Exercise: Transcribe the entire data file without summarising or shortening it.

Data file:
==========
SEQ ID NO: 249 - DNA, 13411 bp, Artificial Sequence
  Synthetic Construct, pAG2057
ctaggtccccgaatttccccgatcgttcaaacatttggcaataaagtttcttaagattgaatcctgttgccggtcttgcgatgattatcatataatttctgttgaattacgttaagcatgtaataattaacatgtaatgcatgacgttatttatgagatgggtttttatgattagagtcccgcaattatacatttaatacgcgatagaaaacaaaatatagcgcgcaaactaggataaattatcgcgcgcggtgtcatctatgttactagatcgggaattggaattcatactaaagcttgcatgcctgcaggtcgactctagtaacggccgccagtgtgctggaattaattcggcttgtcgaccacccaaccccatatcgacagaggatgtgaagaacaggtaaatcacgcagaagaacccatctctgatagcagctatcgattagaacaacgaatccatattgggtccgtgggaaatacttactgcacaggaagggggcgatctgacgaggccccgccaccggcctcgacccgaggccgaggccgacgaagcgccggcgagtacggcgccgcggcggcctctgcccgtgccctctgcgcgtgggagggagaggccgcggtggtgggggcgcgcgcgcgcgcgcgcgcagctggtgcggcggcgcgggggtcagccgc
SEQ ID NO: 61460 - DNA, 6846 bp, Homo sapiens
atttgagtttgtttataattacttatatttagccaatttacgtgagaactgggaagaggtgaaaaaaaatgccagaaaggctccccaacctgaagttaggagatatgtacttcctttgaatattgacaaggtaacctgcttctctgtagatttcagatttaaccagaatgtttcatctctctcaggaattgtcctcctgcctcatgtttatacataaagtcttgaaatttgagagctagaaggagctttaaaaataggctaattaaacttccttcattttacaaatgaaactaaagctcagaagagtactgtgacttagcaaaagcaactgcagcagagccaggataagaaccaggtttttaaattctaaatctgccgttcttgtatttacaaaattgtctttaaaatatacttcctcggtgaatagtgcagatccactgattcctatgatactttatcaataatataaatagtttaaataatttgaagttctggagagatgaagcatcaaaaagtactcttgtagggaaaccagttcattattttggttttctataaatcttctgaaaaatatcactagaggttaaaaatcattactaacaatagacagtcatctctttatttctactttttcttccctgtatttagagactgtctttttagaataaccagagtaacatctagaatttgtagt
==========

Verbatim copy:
SEQ ID NO: 249 - DNA, 13411 bp, Artificial Sequence
  Synthetic Construct, pAG2057
ctaggtccccgaatttccccgatcgttcaaacatttggcaataaagtttcttaagattgaatcctgttgccggtcttgcgatgattatcatataatttctgttgaattacgttaagcatgtaataattaacatgtaatgcatgacgttatttatgagatgggtttttatgattagagtcccgcaattatacatttaatacgcgatagaaaacaaaatatagcgcgcaaactaggataaattatcgcgcgcggtgtcatctatgttactagatcgggaattggaattcatactaaagcttgcatgcctgcaggtcgactctagtaacggccgccagtgtgctggaattaattcggcttgtcgaccacccaaccccatatcgacagaggatgtgaagaacaggtaaatcacgcagaagaacccatctctgatagcagctatcgattagaacaacgaatccatattgggtccgtgggaaatacttactgcacaggaagggggcgatctgacgaggccccgccaccggcctcgacccgaggccgaggccgacgaagcgccggcgagtacggcgccgcggcggcctctgcccgtgccctctgcgcgtgggagggagaggccgcggtggtgggggcgcgcgcgcgcgcgcgcgcagctggtgcggcggcgcgggggtcagccgc
SEQ ID NO: 61460 - DNA, 6846 bp, Homo sapiens
atttgagtttgtttataattacttatatttagccaatttacgtgagaactgggaagaggtgaaaaaaaatgccagaaaggctccccaacctgaagttaggagatatgtacttcctttgaatattgacaaggtaacctgcttctctgtagatttcagatttaaccagaatgtttcatctctctcaggaattgtcctcctgcctcatgtttatacataaagtcttgaaatttgagagctagaaggagctttaaaaataggctaattaaacttccttcattttacaaatgaaactaaagctcagaagagtactgtgacttagcaaaagcaactgcagcagagccaggataagaaccaggtttttaaattctaaatctgccgttcttgtatttacaaaattgtctttaaaatatacttcctcggtgaatagtgcagatccactgattcctatgatactttatcaataatataaatagtttaaataatttgaagttctggagagatgaagcatcaaaaagtactcttgtagggaaaccagttcattattttggttttctataaatcttctgaaaaatatcactagaggttaaaaatcattactaacaatagacagtcatctctttatttctactttttcttccctgtatttagagactgtctttttagaataaccagagtaacatctagaatttgtagt